Ramblings & ephemera

A technical look at the Morris Worm of 1988

From Donn Seeley’s “The Internet Worm of 1988: A Tour of the Worm“:

November 3, 1988 is already coming to be known as Black Thursday. System administrators around the country came to work on that day and discovered that their networks of computers were laboring under a huge load. If they were able to log in and generate a system status listing, they saw what appeared to be dozens or hundreds of “shell” (command interpreter) processes. If they tried to kill the processes, they found that new processes appeared faster than they could kill them. Rebooting the computer seemed to have no effect within minutes after starting up again, the machine was overloaded by these mysterious processes.

… The worm had taken advantage of lapses in security on systems that were running 4.2 or 4.3 BSD UNIX or derivatives like SunOS. These lapses allowed it to connect to machines across a network, bypass their login authentication, copy itself and then proceed to attack still more machines. The massive system load was generated by multitudes of worms trying to propagate the epidemic. …

The worm consists of a 99-line bootstrap program written in the C language, plus a large relocatable object file that comes in VAX and Sun-3 flavors. …

The activities of the worm break down into the categories of attack and defense. Attack consists of locating hosts (and accounts) to penetrate, then exploiting security holes on remote systems to pass across a copy of the worm and run it. The worm obtains host addresses by examining the system tables /etc/hosts.equiv and /.rhosts, user files like .forward and. rhosts, dynamic routing information produced by the netstat program, and finally randomly generated host addresses on local networks. It ranks these by order of preference, trying a file like /etc/hosts.equiv first because it contains names of local machines that are likely to permit unauthenticated connections. Penetration of a remote system can be accomplished in any of three ways. The worm can take advantage of a bug in the finger server that allows it to download code in place of a finger request and trick the server into executing it. The worm can use a “trap door” in the sendmail SMTP mail service, exercising a bug in the debugging code that allows it to execute a command interpreter and download code across a mail connection. If the worm can penetrate a local account by guessing its password, it can use the rexec and rsh remote command interpreter services to attack hosts that share that account. In each case the worm arranges to get a remote command interpreter which it can use to copy over, compile and execute the 99-line bootstrap. The bootstrap sets up its own network connection with the local worm and copies over the other files it needs, and using these pieces a remote worm is built and the infection procedure starts over again. …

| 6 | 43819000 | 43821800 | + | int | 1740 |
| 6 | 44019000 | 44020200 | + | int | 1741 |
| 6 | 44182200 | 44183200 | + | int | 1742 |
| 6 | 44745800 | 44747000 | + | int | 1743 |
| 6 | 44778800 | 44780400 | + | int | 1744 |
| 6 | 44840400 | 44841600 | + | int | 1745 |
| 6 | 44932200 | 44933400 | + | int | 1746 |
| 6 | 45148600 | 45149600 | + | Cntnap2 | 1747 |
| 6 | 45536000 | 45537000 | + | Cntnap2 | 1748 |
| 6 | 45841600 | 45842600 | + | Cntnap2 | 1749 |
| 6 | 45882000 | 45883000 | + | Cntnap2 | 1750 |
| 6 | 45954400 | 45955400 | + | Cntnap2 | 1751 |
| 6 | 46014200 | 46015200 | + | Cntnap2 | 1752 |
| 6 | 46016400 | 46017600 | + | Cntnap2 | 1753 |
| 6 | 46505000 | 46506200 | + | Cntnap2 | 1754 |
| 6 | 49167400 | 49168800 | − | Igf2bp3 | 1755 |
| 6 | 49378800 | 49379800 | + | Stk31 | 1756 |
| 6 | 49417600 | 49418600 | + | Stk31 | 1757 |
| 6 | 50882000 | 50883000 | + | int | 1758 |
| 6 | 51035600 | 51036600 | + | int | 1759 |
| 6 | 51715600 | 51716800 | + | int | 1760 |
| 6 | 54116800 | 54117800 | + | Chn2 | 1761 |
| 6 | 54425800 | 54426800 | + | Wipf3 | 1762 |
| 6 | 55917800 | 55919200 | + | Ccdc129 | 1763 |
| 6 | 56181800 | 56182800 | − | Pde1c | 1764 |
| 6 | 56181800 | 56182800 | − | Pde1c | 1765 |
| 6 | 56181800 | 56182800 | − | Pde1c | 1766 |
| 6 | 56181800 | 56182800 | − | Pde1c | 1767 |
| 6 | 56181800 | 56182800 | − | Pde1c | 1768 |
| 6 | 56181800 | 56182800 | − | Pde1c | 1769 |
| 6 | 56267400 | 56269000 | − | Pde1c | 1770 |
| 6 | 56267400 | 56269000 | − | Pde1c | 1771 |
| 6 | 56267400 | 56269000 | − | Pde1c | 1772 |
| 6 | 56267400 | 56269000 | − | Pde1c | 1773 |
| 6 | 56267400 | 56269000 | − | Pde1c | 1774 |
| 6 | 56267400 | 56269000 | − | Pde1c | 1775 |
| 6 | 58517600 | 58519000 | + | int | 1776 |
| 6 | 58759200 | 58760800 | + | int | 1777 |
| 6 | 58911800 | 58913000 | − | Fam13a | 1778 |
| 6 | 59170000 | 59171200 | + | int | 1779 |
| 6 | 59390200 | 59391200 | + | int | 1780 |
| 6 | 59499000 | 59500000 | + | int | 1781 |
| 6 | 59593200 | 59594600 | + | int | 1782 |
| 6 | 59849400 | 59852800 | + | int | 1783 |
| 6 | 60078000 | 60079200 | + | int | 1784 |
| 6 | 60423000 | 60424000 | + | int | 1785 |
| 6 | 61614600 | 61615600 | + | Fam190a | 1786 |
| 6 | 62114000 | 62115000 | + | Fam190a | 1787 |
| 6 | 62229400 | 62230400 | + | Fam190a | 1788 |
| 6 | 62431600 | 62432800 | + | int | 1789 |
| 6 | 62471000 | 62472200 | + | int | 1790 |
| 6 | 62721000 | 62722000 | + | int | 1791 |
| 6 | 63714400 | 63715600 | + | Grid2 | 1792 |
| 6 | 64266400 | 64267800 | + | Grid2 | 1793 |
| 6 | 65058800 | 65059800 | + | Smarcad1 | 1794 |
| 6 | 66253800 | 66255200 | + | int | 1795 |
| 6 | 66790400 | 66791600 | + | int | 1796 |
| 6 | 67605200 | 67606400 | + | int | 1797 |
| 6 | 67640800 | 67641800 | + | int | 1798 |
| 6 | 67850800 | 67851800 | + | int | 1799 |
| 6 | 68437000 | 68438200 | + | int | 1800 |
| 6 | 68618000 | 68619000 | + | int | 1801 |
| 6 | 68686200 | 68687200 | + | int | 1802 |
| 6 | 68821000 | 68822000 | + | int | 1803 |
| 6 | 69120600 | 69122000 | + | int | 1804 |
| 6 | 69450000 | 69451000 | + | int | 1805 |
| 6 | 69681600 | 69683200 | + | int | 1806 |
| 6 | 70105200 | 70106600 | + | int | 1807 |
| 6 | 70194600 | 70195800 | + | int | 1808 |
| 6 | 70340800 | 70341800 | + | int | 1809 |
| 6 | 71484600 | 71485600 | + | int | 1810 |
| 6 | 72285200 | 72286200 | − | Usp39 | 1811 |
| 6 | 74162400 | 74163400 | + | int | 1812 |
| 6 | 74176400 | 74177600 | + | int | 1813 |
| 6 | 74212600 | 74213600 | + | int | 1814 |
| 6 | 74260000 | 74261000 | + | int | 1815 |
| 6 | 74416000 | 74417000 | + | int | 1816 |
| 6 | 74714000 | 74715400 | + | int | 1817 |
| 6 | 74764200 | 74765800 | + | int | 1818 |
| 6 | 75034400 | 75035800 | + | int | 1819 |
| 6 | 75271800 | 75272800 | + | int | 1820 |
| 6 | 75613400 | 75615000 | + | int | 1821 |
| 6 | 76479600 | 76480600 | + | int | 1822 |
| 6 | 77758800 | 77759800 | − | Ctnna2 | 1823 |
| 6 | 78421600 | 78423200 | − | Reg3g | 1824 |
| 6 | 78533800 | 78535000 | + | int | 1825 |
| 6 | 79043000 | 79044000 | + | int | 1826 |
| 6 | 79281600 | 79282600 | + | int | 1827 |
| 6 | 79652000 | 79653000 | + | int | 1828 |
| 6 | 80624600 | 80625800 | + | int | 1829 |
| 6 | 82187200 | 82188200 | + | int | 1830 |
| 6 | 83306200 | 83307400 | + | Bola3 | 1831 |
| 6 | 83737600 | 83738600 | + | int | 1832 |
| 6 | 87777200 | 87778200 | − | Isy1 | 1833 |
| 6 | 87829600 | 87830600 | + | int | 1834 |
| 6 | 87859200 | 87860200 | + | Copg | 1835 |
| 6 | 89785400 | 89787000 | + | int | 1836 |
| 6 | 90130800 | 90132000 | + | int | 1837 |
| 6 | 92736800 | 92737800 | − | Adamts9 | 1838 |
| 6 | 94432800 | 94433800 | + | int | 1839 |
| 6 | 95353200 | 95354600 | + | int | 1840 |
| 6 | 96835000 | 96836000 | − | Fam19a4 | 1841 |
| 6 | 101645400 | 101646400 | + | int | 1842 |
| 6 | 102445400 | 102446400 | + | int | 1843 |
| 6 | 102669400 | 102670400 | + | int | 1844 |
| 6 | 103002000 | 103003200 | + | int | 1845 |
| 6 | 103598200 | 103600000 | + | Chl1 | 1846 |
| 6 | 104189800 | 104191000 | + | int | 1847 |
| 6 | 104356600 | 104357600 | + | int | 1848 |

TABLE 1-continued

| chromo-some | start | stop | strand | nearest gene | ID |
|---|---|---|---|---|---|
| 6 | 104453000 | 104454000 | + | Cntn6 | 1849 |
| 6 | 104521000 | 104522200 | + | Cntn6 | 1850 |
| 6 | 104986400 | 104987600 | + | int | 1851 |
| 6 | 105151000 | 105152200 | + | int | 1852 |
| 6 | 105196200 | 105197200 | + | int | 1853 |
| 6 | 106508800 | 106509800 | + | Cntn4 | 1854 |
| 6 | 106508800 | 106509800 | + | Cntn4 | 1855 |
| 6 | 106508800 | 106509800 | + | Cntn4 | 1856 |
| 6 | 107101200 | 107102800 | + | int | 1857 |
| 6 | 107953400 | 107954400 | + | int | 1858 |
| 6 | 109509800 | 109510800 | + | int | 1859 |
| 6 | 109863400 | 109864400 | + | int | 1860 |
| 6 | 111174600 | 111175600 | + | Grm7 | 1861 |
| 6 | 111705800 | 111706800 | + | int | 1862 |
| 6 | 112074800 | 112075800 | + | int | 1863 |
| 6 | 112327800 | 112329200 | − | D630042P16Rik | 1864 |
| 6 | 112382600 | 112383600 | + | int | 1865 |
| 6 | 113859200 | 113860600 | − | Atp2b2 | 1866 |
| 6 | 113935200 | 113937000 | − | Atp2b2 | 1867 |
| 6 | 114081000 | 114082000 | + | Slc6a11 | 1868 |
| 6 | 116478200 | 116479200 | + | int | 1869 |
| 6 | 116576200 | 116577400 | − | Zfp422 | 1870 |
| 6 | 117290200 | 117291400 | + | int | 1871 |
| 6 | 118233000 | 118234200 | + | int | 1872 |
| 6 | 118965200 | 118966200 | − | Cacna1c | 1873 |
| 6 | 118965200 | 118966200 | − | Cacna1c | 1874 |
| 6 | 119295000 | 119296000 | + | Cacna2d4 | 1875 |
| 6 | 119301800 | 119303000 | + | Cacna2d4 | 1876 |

When studying a tricky program like this, it’s just as important to establish what the program does not do as what it does do. The worm does not delete a system’s files: it only removes files that it created in the process of bootstrapping. The program does not attempt to incapacitate a system by deleting important files, or indeed any files. It does not remove log files or otherwise interfere with normal operation other than by consuming system resources. The worm does not modify existing files: it is not a virus. The worm propagates by copying itself and compiling itself on each system; it does not modify other programs to do its work for it. Due to its method of infection, it can’t count on sufficient privileges to be able to modify programs. The worm does not install trojan horses: its method of attack is strictly active, it never waits for a user to trip over a trap. Part of the reason for this is that the worm can’t afford to waste time waiting for trojan horses-it must reproduce before it is discovered. Finally, the worm does not record or transmit decrypted passwords: except for its own static list of favorite passwords, the worm does not propagate cracked passwords on to new worms nor does it transmit them back to some home base. This is not to say that the accounts that the worm penetrated are secure merely because the worm did not tell anyone what their passwords were, of course-if the worm can guess an account’s password, certainly others can too. The worm does not try to capture superuser privileges: while it does try to break into accounts, it doesn’t depend on having particular privileges to propagate, and never makes special use of such privileges if it somehow gets them. The worm does not propagate over uucp or X.25 or DECNET or BITNET: it specifically requires TCP/IP. The worm does not infect System V systems unless they have been modified to use Berkeley network programs like sendmail, fingerd and rexec.

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